Eat watermelon for a Viagra-like effect?

December 9, 2010 – I have treated a number of clients for infertility related problems. It turned out that some tend to have a number of dysfunctional issues the main one being low libido.

With the changing lifestyles, nowadays men as young as 30yrs are sneaking into pharmacies to get the blue pill. Some studies show that even guys as young as 14yrs have tried it all – maybe for fun. There is a major myth that Viagra takes you there and the lady will be quite impressed with your homework and stick around for more.

Wrong! Viagra works well only to maintain an erection but never gives you the oomph or improve your skills. One of my lecturers, Dr Wambani a very good urologist always took Viagra just to see its effectiveness. You need to take it at least an hour before. (Not a good pill for ‘quickies’).


The biology of erection
The mechanism of an erection is complex, involving a close interaction between the brain, the hormones, and the circulatory system. The start of an erection is the result of sexual stimulation arising in the brain and is reinforced by tactile stimuli to the penis.

The pudendal nerve in the pelvic region forms a major sensory pathway from the penis, and section of this nerve may inhibit the generation of an erection.

When the penis is in its flaccid state, the smooth muscles of the corpora, and of the arteries, are contracted. During stimulation, there is a major action of nitric oxide (NO) that causes the penile arteries to dilate and there is relaxation of the smooth muscle within the erectile tissue. This causes a great 8 fold increase in the blood flow into the tissue of the erectile tissue forcing an erection. The erection is also enhanced by the contraction of the pelvic muscles on the perineum, which helps to ‘straighten out’ the erectile tissue.

There is a great increase in arterial pressure that causes the erectile tissue to expand and elongates the erectile bodies. This results in an increase in tension within the tunica albuginea and compression of the venous return, thus impeding the outflow of blood from the erectile tissue. In this way, the venous return is obstructed and the erection is maintained. Erection is thus very much a vascular event that is entirely dependent on its effectiveness upon a good blood supply to the erectile tissue and adequate blockage of blood from returning to the circulation. This is where Viagra works.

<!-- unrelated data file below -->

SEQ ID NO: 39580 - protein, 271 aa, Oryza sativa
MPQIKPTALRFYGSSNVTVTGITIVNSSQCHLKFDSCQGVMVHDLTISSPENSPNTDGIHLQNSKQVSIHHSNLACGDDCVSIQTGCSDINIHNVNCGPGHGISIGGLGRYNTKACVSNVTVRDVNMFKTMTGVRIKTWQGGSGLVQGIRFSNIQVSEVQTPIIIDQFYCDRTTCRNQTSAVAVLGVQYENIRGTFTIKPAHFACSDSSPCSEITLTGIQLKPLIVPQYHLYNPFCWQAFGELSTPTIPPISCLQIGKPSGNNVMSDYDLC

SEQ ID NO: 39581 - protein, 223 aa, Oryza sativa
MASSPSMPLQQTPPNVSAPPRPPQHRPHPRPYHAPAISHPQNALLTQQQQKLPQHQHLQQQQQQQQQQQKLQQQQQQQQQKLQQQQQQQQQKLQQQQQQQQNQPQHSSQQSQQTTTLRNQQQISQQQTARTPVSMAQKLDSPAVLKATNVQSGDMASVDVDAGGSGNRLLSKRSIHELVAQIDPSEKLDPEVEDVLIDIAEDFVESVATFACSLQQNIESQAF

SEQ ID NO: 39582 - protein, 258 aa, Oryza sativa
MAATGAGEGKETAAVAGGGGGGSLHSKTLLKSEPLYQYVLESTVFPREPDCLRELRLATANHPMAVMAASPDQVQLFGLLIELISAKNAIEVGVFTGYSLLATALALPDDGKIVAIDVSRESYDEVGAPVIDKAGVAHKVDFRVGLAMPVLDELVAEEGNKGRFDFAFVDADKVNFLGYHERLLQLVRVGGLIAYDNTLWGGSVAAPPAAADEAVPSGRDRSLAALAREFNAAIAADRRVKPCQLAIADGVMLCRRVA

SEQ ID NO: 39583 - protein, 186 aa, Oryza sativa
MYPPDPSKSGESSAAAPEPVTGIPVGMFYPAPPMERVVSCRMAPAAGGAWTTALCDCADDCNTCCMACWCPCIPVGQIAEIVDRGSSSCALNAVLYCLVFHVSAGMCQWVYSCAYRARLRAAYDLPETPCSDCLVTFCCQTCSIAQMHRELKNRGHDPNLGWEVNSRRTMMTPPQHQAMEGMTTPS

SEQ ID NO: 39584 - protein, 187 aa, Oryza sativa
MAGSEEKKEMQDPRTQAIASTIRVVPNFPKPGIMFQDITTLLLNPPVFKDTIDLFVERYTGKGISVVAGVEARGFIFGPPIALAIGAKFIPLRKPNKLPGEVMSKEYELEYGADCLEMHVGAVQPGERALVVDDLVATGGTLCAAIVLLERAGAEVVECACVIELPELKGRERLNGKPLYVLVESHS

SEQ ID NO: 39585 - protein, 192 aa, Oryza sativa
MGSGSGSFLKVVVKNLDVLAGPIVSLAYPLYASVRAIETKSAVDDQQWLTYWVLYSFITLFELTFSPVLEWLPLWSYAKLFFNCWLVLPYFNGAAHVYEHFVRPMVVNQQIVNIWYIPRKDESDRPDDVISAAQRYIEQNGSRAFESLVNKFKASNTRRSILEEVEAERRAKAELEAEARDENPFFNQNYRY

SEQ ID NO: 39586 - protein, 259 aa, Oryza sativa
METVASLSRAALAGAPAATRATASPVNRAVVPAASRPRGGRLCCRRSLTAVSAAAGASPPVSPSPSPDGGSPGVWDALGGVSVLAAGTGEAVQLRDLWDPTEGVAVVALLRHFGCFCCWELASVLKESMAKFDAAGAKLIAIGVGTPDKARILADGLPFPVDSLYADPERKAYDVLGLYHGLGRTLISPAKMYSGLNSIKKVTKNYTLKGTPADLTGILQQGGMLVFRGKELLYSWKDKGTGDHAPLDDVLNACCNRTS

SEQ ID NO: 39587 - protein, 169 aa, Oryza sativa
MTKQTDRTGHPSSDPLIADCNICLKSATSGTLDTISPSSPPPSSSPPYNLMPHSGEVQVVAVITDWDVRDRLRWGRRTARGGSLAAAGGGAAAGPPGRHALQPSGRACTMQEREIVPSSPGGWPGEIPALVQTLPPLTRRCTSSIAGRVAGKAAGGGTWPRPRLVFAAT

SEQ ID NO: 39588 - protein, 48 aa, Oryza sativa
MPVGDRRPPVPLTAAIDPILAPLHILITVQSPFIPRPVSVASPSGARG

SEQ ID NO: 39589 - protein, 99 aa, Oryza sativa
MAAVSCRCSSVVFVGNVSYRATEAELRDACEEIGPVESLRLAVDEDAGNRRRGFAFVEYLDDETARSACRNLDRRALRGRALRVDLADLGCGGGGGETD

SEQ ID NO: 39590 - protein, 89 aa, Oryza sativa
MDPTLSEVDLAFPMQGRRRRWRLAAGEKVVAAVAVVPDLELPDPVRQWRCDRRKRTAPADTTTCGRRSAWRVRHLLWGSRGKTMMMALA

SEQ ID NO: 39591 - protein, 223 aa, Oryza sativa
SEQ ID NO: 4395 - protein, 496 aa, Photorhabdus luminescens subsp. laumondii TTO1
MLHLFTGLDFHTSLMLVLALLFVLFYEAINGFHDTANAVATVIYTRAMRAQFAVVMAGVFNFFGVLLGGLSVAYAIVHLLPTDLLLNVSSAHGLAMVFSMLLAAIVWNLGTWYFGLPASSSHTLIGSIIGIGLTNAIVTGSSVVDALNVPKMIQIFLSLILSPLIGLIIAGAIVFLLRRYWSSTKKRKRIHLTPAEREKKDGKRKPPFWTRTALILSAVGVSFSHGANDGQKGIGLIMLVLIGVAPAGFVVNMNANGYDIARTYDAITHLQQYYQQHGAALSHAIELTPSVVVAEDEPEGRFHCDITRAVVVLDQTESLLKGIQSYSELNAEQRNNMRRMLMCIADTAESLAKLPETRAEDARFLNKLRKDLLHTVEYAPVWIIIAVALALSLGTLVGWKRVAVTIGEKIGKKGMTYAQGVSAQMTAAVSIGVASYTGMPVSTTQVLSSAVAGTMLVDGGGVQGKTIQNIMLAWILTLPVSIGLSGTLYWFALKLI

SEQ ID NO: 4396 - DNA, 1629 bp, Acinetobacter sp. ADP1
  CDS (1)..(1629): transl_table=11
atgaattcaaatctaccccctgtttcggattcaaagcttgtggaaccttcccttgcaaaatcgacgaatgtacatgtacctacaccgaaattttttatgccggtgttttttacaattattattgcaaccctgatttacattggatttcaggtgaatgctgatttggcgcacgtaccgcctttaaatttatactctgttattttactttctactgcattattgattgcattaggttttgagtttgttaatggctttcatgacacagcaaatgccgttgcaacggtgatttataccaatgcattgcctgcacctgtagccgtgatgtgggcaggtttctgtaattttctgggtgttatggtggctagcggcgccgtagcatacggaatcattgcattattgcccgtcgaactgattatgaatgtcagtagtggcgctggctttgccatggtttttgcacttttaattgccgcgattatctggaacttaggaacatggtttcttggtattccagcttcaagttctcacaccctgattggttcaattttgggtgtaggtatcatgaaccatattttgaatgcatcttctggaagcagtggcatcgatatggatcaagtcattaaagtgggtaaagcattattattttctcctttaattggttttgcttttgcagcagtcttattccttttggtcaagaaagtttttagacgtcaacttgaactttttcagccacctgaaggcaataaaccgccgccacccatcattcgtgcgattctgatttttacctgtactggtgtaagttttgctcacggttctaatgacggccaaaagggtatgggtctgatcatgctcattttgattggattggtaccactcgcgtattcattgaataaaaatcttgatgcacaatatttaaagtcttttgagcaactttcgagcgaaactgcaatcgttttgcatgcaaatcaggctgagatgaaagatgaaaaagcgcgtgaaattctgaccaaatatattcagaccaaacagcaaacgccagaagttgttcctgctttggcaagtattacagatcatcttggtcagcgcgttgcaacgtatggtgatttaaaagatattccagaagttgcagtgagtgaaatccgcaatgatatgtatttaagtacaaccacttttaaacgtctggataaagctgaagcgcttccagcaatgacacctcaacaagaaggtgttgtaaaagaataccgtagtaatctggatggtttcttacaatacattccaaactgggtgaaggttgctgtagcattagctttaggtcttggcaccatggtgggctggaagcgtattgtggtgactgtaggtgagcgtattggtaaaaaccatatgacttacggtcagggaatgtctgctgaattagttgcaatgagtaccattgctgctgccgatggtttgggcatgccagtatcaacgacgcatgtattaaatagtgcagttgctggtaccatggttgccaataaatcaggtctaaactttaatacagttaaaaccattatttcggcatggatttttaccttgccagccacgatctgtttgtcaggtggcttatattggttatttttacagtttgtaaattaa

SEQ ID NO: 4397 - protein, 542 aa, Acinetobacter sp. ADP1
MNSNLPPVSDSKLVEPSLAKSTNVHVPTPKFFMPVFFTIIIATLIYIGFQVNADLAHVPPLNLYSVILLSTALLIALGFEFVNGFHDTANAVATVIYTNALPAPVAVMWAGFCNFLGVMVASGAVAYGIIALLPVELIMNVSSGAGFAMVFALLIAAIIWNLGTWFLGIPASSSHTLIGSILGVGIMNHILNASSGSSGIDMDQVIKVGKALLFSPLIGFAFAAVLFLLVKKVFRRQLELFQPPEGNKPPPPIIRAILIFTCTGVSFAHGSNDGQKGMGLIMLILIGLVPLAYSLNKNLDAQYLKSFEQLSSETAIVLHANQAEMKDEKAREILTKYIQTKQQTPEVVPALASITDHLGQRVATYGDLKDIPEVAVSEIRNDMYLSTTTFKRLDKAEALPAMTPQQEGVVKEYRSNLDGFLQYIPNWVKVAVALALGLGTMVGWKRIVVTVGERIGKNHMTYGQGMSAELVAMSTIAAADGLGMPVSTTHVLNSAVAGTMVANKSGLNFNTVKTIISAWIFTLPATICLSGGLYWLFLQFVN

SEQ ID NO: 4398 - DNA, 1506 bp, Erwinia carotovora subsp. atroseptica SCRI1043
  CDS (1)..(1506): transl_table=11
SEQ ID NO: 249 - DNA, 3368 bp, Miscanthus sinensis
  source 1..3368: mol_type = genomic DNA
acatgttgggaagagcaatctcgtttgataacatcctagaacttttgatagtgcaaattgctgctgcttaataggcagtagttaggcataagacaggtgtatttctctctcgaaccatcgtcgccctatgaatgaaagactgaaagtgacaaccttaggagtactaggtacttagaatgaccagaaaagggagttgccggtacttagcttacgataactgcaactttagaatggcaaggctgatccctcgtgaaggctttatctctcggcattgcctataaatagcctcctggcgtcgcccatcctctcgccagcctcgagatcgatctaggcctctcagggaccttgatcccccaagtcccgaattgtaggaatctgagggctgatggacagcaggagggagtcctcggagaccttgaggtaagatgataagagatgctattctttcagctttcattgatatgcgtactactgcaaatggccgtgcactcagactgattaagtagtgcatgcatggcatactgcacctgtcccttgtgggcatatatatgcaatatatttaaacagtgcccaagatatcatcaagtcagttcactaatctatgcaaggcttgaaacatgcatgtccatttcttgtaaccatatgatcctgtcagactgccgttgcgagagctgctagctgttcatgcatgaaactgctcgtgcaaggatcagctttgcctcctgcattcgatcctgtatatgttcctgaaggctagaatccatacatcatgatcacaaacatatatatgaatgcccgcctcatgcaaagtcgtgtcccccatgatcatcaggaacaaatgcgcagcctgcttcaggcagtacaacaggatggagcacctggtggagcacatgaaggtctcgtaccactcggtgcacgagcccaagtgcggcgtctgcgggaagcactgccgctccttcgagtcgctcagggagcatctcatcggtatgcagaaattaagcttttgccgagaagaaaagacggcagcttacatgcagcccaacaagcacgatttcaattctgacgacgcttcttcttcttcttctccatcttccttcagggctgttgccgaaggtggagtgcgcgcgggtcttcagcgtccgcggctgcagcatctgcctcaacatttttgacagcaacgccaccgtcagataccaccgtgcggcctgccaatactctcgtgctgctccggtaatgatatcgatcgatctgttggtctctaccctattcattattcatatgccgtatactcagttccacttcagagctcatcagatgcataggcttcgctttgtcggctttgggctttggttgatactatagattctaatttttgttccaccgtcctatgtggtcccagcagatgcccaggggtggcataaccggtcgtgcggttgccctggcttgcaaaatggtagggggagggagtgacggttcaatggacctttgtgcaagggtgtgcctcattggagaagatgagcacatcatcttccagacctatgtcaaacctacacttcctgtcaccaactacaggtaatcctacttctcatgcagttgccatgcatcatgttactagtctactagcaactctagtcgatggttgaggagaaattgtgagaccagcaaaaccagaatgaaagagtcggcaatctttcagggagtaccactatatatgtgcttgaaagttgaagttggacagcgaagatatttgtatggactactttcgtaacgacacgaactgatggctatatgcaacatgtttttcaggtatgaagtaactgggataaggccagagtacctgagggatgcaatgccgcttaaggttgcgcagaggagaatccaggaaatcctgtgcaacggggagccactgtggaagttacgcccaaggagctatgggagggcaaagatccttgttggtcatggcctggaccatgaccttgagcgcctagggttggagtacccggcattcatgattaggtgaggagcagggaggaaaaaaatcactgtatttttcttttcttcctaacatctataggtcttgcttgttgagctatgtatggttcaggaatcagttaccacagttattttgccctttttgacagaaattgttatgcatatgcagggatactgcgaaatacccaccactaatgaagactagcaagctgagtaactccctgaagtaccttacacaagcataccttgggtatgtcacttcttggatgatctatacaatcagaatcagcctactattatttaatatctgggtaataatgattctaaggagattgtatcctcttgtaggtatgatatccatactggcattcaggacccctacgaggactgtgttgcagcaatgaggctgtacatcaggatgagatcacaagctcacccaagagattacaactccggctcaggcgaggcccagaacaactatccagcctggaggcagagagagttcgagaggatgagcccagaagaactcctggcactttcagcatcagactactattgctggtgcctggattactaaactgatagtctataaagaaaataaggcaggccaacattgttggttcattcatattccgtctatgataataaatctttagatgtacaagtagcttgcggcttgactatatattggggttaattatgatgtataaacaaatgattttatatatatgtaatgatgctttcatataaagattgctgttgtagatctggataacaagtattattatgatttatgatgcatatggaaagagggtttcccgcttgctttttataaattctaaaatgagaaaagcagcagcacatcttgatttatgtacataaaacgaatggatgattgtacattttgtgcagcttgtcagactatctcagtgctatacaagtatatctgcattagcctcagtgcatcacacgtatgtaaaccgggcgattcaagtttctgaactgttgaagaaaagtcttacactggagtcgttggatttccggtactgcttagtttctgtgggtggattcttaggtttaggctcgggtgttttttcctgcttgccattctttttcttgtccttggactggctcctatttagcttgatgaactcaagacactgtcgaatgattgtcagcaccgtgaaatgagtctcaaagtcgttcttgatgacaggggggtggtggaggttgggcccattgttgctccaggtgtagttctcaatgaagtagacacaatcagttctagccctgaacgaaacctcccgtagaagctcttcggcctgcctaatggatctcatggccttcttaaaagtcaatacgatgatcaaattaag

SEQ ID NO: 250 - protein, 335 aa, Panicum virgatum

Watermelon studies
The research team at the Texas A&M University discovered that watermelon has ingredients that deliver Viagra-like effects to the body’s blood vessels and may even increase libido.


“The more we study watermelons, the more we realise just how amazing a fruit it is in providing natural enhancers to the human body,” said Dr. Bhimu Patil, director of Texas A&M’s Fruit and Vegetable Improvement Center in College Station.

Watermelons contain substances such as lycopene, capitalfmnew carotene and citrulline – whose beneficial functions are now being unraveled. Among the functions of the citrulline is the ability to relax blood vessels, much like Viagra does.

Citrulline is converted to an amino acid called arginine through certain enzymes. Arginine works wonders on the heart and circulation system and maintains a good immune system. These amino acids are metabolised and end up producing Nitric Oxide (NO) that works on blood vessels in the heart and erectile tissues. NO relaxes the vessels and the erectile tissues helping in erection.

The recommended dosage of supplemental Citrulline is 1,875 – 6,000 mg per day. It can be found commercially as supplements. Citrulline is found in higher concentrations in the rind of watermelons than the flesh. As the rind is not commonly eaten, two of Patil’s fellow scientists, Dr S. Steve King and Hae Jeen Bang, were working to breed new varieties with higher concentrations in the flesh. Other foods high in citrulline include onions and garlic.

It may be well thought that the answer to our physical ailments lies in the fitness and dietary habits, so eat well for good health.

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